“We’re all clay, created by evolution and molded by life on Earth.” – Dr. Stu Uhlig, The Brothers Cro-Magnon
“The tissue cut clearly shows blood vessels with strong walls. Inside the vessels there is haemolysed blood, where for the first time we have found erythrocytes. Muscle and adipose tissues are well preserved. We have also obtained very well visualised migrating cells of the lymphoid tissue, which is another great discovery. The upper part of the carcass has been eaten by animals, yet the lower part with the legs and, astonishingly, the trunk are very well preserved.” – Viktoria Egorova, chief of the Research and Clinical Diagnostic Laboratory of the Medical Clinic of North-Eastern Federal University
She was thrown away like trash. A simple Neanderthal woman, she was gang raped – probably by the new dominant species to come along, the Cro-Magnon. Modern man’s predecessor – and just as vicious. They finished with her, then they threw her into a crevasse where she died and froze, the sperm of her rapists frozen on her thighs. We can’t, of course, know what her name was, or if she even had one. So they called her Galine – God Has Redeemed. Her rape, her cold and lonely death, were not the last of the indignities heaped upon her. No. Bureaucracy had the dubious pleasure of heaping ignominy upon her poor corpse. They burned her. Ah well, maybe that is for the best. To be placed in a glass case and stared at by the ignorant and unwashed would perhaps have been even worse. But the last, the worst humiliation of all?
Some of the sperm is alive. It is viable.
And it has been used for insemination.
What could possibly go wrong?
Now Catherine “Corky” Mason is in Khatanga, right up near the North Pole. Quite a change from her last ten year posting in the Middle East. Which is worse? Heat exhaustion and sand in your panties, or freezing the skin off your body in 90 below with a stiff wind? Seeing as how her luggage is lost in Moscow, well, you get the picture.
In Khatanga at the urging of her editor at the New York Herald, Corky is theoretically on vacation, but she is also there to write a story about the cloning of a perfect mammoth specimen retrieved from the Siberian ice. The actual request came from a “crazy” Russian paleontologist named Zuyev. A man who has an unhealthy interest in Corky – an interest that soon turns deadly. For Zuyev is convinced that Corky is the only sister of four very special brothers; Cro-Magnon brothers, born from the sperm of Galine’s rapists. Brothers who have a lot in common with their sadistic sperm donors. The hubris of man, the reach for glory, for fame, for ones name to carry through the centuries. But to what effect?
The Brothers Cro-Magnon has its plusses and minuses. I was absolutely captivated by the concepts of the story. The work on the Vindija-80 (Vi-80) sample led to the first viable steps in unraveling Neanderthal genomics. Today, the Neanderthal genome is “an abstract string of billions of DNA letters stored in computer databases”. But that doesn’t mean that it will stay that way. As for the mammoth cloning? In May of 2013 scientists from the Siberian Northeastern Federal University unearthed an absolutely amazing find. On Maly Lyakhovsky Island they found the corpse of a mammoth in the permafrost. A corpse which, “During excavations, the carcass oozed a dark red liquid that may have been fresh mammoth blood. In fact, the mammoth meat was reportedly fresh enough that one of the scientists took a bite of it.” The female mammoth, nicknamed Buttercup, lived about 40,000 years ago. And she was so well preserved, she actually bled.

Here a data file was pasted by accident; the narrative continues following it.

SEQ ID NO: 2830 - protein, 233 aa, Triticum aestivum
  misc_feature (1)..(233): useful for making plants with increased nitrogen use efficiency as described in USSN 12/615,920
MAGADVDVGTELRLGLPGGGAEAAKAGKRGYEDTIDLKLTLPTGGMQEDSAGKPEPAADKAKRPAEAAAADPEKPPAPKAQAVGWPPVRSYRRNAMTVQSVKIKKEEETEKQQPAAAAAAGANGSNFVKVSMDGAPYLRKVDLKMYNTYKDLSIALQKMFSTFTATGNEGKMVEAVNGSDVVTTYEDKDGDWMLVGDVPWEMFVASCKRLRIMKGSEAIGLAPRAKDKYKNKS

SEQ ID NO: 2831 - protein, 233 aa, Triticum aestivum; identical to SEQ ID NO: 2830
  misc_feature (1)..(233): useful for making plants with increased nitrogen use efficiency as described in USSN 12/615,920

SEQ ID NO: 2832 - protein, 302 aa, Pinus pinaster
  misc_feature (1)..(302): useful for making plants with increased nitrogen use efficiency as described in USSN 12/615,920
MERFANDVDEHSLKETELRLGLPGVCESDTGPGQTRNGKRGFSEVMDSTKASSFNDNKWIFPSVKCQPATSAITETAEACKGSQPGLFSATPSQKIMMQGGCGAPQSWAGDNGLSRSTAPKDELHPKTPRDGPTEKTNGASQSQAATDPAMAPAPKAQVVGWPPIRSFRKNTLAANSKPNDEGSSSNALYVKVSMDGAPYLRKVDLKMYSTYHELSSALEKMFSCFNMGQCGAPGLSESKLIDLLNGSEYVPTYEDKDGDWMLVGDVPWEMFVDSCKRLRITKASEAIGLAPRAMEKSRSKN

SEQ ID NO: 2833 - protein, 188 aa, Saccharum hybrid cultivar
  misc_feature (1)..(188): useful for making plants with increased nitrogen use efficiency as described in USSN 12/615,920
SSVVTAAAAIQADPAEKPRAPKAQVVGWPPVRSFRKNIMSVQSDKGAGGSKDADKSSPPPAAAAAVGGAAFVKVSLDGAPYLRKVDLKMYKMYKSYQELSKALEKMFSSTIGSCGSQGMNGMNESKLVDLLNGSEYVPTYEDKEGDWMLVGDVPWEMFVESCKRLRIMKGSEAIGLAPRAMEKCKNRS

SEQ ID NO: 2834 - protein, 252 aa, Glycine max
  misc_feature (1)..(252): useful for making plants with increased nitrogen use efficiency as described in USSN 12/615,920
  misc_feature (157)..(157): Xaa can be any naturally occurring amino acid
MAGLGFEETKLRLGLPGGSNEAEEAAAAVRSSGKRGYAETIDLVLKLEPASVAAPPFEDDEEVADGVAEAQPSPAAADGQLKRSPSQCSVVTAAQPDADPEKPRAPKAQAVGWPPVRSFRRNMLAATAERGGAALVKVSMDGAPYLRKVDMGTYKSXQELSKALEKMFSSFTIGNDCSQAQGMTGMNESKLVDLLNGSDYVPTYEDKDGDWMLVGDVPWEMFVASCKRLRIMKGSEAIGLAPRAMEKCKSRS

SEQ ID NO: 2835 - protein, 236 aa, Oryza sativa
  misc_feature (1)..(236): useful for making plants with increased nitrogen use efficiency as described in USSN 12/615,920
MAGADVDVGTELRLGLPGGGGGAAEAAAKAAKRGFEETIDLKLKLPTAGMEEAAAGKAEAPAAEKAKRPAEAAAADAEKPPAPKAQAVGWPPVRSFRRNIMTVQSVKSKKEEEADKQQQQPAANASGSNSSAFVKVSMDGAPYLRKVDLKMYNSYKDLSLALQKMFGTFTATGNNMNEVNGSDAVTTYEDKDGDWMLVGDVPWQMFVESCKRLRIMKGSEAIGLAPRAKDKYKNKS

So, Roger Pepper has his science pat, though a bit ahead of its time. What bothered me, what always bothers me, is the rough, very rough, editorial work. It would have been much better if the prose was tightened up, and especially if the continuity, logic and flow were handled by a good editor. It was frustrating and dragged me out of the story more than I like. Otherwise? A solid entry into the pseudoscientific. A worthwhile read for anyone who finds the subject matter interesting.
About The Author:
Now a mainstream author, he withdrew from a successful career in science to follow his lifelong ambition of becoming a novelist. An Associate of the British Institution of Metallurgists, Roger went to postgraduate school at Manchester University in the United Kingdom, where he was awarded his Ph.D.
Roger is the coauthor of a patent on the development of the metal composite material used for the antenna of the Hubble Space Telescope. He began writing in his spare time while serving as the Director of Research of an Aerospace Materials Company in the United States.
His memoir, My Father The Viking, won 3rd Prize in the 2006 Linda Joy Myers Memoir Competition of the National League of American Pen Women, a competition open to published and unpublished works. He received an Honorable Mention for an earlier version of the first 50 pages of the The Brothers Cro-Magnon from a contest run by the Speculative Literature Foundation.
Roger is a member of the Maine Writers and Publishers Alliance and the New Hampshire Writers Project. He is a co-organizer of the Portland Writers Group (350 members), and the host of their monthly evening writing workshops. Tess Gerritsen acknowledged him in her bestselling medical thriller, Harvest, for providing research materials.
With friends from the Appalachian Mountain Club, Roger hiked in the Austrian and Italian
He now writes full time and lives in Maine.